The proposed amendments will harmonise the current lodgement and tender provisions for legal costs in their application across the various courts. They will also streamline the way the new public register of legal costs determinations will be applied to county registrars. A cross-reference in the 2015 Act is also being corrected. The enhancement of the lodgement and tender process incentivises the parties in cases to make and consider reasonable offers to settle. That reduces the burdens of legal costs and time on both the courts and on the litigating parties. The new office of the legal costs adjudicators will be a linchpin of the wider and more consumer-friendly legal costs transparency regime when it comes into operation this autumn with the commencement of Part 10 of the Legal Services Regulation Act 2015.
That is all part of the programme of structural reforms to legal costs and legal services that will come into operation this autumn under the Legal Services Regulation Act 2015. Early October will see the coming on stream of the new public complaints and professional conduct regime under which complaints about solicitors and barristers will no longer be made through their legal professional bodies but through the Legal Services Regulatory Authority. That will be bolstered by the coming on stream of the independent legal practitioners' disciplinary tribunal.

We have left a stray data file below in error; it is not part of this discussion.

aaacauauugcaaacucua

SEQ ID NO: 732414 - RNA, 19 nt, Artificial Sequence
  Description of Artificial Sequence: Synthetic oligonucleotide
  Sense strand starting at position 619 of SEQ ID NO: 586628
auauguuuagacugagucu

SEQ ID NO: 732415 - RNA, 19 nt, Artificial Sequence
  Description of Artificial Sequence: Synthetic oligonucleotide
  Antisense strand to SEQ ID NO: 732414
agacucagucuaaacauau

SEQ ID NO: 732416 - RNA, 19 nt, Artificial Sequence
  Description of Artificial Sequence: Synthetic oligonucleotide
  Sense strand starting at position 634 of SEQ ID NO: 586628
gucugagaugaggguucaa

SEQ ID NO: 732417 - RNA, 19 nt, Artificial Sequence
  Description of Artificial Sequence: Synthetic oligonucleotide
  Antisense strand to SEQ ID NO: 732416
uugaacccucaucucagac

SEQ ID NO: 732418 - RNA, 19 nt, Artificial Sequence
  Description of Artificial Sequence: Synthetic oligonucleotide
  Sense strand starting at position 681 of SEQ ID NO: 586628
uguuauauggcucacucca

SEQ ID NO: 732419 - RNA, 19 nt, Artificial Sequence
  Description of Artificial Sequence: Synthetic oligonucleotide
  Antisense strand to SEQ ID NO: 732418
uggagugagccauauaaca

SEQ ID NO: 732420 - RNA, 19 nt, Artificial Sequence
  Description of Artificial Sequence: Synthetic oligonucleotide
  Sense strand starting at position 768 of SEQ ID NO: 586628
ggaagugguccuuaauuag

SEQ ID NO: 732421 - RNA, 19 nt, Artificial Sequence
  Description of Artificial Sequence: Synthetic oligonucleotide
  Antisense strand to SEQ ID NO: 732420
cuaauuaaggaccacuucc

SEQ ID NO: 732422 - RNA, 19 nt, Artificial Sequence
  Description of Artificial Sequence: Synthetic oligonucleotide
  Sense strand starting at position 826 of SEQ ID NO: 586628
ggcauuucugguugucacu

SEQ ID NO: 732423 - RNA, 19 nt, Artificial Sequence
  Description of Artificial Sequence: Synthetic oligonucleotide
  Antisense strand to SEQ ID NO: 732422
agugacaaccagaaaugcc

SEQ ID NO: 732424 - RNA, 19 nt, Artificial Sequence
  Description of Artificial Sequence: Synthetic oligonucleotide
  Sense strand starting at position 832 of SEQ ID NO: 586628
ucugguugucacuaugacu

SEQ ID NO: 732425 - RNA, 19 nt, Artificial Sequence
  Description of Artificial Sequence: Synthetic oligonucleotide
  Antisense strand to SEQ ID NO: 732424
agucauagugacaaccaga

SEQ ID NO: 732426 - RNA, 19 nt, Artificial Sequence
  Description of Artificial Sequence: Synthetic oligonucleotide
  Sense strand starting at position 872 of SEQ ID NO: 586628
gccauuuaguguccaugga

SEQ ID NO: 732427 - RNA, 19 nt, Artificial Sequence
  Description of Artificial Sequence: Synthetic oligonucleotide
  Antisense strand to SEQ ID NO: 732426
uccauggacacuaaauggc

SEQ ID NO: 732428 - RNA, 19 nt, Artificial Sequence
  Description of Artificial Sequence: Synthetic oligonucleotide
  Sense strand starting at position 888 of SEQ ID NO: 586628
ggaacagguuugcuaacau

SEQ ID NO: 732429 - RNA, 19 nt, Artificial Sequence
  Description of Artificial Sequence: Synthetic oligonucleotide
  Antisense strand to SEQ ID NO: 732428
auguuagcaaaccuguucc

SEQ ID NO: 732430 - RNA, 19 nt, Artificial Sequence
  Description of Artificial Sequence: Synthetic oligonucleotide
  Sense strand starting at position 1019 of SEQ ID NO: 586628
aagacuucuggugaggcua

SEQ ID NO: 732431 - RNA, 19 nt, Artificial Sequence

I have also proposed an amendment to add the President of the Court of Appeal - that being the court whose membership is being extended under today's Bill - to the membership of the Advisory Committee on Patents of Precedence. The committee will modernise the process of conferral of senior counsel status under the terms of section 172 of the Legal Services Regulation Act 2015 when commenced. A further amendment for inclusion in this Bill proposes to change the retirement age of judges of the District Court from 65 to 70 years as an immediate administrative priority. This will enhance the smooth running and continuity of court business in regard to the relevant District Court judges, who would otherwise have to technically renew their status in each of the five intervening years concerned.
As the House will recall, the Court of Appeal was established in October 2014 under the Act, following a referendum of the people in 2013 which was passed by over 65% of voters. On the establishment date, a total of 1,360 civil appeals then pending before the Supreme Court, and referred to as "Article 64 appeals", were transferred across to the Court of Appeal. A further 599 criminal appeals were inherited from the Court of Criminal Appeal. In terms of the existing caseload of the Court of Appeal, as of 31 March 2019, it had 909 civil appeals pending, of which 195 were transferred Article 64 appeals. It also had 516 criminal appeals pending, just five of which were inherited. Information received from the Courts Service confirms that, as things stand, hearing dates for civil cases before the Court of Appeal have already been fixed up to and including May 2021, with some allowance made to accommodate those more urgent appeals that will inevitably intervene.